The Tajik Ministry of Health and Médecins Sans Frontières (MSF) began a comprehensive paediatric tuberculosis (TB) care programme in 2011. The paediatric TB project in Dushanbe aims to decrease the TB morbidity and mortality rates among children and their family members. In 2013, MSF documented this, producing a report about improving paediatric TB care.
Following the progress made in treating paediatric TB in Tajikistan, MSF produced a follow-up report titled Breaking the cycle: Paediatric DR-TB detection, care and treatment in Tajikistan. This new report documents the progress made during the last five years, and reflects on the sustainability of the programme and the challenges and opportunities that lie ahead.
Tajikistan has one of the highest burdens of multidrug-resistant (MDR) tuberculosis (TB) in the world, according to the World Health Organization (WHO). Despite its ranking, alongside a number of countries in the region, there were only 743 reported incident cases of MDR-TB with 46 cases in children under 15-years-old in 2016. This is not unusual as global data is scant, incidence and prevalence typically underestimated and country reports lack accuracy, meaning the global burden of paediatric TB is poorly defined. Yet children aged under 15 years are particularly vulnerable to tuberculosis (TB) and those under five years are a key at-risk group.
Paediatric TB is not ignored in Tajikistan: in practice there has been a commitment to tackle the disease for a number of years. The Ministry of Health and Social Protection of the Population (MoH) and partners have been developing strategies and taking action to advance detection and treatment for this high-risk but neglected group. Incremental improvements in policy and practice are steadily charting a path towards an effective strategy for paediatric TB prevention and control in the country.
A successful partnership
Finding, diagnosing and treating paediatric TB remains a clinical and operational challenge, and a particularly urgent one in the case of MDR-TB. Médecins Sans Frontières/Doctors Without Borders (MSF) has successfully collaborated with the MoH in detecting and treating paediatric TB, with the number of patients admitted to the project increasing since 2013.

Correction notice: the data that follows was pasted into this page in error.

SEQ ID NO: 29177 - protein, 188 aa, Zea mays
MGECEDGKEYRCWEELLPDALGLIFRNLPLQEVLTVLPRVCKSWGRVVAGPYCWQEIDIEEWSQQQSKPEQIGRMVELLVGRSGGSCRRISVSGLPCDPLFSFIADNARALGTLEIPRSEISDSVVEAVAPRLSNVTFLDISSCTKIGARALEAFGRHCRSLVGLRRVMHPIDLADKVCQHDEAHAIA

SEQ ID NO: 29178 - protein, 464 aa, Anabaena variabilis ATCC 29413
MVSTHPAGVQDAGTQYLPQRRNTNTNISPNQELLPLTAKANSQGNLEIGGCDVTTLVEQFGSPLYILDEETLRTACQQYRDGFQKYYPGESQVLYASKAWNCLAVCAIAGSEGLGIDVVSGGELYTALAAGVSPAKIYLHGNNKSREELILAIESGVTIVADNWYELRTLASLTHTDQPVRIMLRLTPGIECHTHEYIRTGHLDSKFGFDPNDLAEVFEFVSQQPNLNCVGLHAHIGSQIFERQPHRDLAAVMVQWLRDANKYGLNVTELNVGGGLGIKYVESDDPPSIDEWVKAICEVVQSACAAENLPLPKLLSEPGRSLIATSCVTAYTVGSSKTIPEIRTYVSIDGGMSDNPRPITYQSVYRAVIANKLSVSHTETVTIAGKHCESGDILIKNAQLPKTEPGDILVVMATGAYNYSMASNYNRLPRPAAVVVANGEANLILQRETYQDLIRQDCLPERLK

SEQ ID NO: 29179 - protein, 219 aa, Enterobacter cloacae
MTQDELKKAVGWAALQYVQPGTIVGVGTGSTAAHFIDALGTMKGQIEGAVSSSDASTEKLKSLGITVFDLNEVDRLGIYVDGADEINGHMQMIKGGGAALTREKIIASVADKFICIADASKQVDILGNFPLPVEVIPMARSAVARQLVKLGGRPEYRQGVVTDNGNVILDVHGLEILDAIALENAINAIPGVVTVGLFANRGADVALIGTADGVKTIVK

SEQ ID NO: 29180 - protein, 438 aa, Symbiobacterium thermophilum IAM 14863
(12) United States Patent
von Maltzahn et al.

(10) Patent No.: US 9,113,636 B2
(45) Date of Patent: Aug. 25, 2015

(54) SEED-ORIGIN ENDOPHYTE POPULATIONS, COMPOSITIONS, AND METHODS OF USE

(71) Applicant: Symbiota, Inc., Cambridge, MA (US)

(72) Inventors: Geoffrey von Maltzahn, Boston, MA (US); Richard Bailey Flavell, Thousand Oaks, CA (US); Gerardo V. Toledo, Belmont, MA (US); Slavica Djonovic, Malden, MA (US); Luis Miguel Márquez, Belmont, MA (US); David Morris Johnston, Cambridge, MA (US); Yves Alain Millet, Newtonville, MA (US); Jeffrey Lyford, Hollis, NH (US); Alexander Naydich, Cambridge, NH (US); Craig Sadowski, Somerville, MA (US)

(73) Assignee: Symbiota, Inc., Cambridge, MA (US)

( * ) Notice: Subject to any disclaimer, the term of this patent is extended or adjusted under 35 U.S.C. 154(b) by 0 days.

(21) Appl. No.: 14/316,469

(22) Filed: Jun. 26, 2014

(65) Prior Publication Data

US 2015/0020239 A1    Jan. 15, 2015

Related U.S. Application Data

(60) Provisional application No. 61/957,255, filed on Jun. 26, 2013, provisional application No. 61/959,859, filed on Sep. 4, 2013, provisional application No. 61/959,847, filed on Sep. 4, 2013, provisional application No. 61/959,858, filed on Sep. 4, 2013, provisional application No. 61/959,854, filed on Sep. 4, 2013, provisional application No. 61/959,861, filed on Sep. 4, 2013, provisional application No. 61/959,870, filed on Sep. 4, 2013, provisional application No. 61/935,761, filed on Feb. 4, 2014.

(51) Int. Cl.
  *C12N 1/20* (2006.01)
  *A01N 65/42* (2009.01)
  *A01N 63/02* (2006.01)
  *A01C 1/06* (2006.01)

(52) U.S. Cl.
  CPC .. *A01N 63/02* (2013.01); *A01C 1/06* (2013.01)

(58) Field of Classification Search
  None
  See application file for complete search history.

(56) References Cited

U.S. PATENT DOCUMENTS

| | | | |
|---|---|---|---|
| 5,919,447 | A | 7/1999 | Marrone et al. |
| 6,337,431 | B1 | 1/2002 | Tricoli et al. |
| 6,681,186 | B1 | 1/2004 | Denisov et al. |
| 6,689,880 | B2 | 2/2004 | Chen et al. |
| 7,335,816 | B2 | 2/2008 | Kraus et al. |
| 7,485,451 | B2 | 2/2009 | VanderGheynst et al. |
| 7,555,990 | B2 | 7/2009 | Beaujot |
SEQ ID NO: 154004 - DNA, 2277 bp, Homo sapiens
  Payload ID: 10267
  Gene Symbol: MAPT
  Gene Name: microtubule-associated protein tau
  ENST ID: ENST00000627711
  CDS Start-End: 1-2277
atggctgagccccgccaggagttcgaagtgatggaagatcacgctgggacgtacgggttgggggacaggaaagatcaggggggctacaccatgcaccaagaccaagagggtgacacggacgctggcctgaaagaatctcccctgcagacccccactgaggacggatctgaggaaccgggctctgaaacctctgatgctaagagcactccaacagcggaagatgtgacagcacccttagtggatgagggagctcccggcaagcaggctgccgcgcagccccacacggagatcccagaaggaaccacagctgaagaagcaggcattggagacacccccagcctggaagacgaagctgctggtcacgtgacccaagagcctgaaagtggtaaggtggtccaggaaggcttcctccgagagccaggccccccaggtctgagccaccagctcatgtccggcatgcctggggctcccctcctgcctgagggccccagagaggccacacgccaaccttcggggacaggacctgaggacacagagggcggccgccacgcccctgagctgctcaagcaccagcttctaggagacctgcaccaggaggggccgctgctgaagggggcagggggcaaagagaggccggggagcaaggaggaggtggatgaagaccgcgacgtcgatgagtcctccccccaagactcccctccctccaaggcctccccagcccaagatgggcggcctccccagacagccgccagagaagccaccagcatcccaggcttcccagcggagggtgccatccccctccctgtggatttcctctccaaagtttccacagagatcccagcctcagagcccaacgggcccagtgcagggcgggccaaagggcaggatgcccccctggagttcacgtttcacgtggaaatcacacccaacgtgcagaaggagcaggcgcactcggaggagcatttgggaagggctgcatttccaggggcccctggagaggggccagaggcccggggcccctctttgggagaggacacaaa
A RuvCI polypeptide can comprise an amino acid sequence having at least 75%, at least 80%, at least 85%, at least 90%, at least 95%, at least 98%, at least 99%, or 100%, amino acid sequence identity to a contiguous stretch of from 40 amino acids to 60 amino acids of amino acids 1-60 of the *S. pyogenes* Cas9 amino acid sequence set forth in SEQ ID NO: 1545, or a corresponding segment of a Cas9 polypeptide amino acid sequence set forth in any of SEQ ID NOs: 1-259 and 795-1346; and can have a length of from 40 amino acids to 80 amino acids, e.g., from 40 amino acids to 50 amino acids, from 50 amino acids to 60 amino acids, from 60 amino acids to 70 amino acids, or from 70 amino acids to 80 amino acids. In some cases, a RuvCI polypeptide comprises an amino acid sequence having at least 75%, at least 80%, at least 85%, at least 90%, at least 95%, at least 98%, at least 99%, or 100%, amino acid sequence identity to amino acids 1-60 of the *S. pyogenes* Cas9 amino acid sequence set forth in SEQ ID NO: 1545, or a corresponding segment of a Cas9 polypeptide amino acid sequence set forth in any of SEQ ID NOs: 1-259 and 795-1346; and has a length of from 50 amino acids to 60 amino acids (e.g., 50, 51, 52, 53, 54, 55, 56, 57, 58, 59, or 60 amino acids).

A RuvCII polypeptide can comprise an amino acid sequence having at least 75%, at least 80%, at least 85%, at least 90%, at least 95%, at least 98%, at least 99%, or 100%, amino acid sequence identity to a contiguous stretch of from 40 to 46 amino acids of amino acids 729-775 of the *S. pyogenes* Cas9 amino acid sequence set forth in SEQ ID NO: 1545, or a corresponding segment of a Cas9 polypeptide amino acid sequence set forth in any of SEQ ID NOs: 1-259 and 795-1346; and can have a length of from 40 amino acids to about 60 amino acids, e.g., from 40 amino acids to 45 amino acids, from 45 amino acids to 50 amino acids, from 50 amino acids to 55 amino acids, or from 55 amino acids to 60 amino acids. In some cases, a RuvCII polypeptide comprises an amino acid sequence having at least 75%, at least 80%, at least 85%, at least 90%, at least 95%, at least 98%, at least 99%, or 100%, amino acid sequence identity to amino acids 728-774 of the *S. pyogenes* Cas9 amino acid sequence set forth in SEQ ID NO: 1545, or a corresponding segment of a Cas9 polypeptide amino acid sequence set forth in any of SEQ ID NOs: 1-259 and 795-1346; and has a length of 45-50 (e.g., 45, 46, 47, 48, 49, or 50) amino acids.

The programme employs international best practices and innovations to provide the best possible chance of a cure to patients. A key strength of this partnership has been the collaboration between the Republican Centre for Protection of Population from Tuberculosis national TB programme’s (NTP) Consilium, the over-arching clinical decision-making body and MSF clinicians. In collaboration with MSF, NTP and Consilium have reviewed, monitored, approved and passed a raft of measures including active case finding, sputum induction, child-friendly formulations, new drugs and shorter regimens, enhanced infection control and holistic, patient-centred models of care.
These advancements have generated significant momentum and are beginning to show true beneficial outcomes for patients. Across the Central Asia region, Tajikistan is in the vanguard of some developments but still has more work to do on others. Nevertheless, each progression enables the MoH and MSF to gain more experience of what works. As the programme gathers practice-based evidence, it contributes to the body of knowledge on paediatric MDR-TB acimross the region and globally.
Objective and intended audience
The primary objective of this report is to continue to share the partnership’s empirical experience with others in the region, and to drive the agenda forward in this often neglected but vital area of TB prevention and control. Through this report, and with the support of MSF, the Tajikistan MoH seeks to take a leadership role, positively influencing others committed to attaining the goals of the End TB Strategy (1). The report therefore is intended for:
- National MoH NTP and other national stakeholders – to document and showcase progress of paediatric TB detection, diagnosis and care in Tajikistan. Focusing on MoH/MSF areas of operation, there is reflection on sustainability, the challenges of the approaches, and discussion of the future if momentum on addressing paediatric TB is to be maintained.
- National TB programmes in the Eastern Europe and Central Asia region and beyond – to highlight best practice and innovations from case finding to drug regimens, and to demonstrate feasibility of findings, treating and caring for paediatric TB patients. Hopefully a demonstration of what’s possible in Tajikistan may encourage adaptation and adoption by those countries in the region where such steps have yet to be taken.
- International stakeholders – to advocate for continued interest and innovation, support and commitment by technical and funding partners. Innovation, widespread implementation and scaling up detection, diagnostics and treatment for childhood TB are championed by the international community as essential to achieving the End TB and Sustainable Development Goals. Countries cannot do this alone and continue to require strong partnerships and support to help meet their commitments.
Source: Médecins Sans Frontières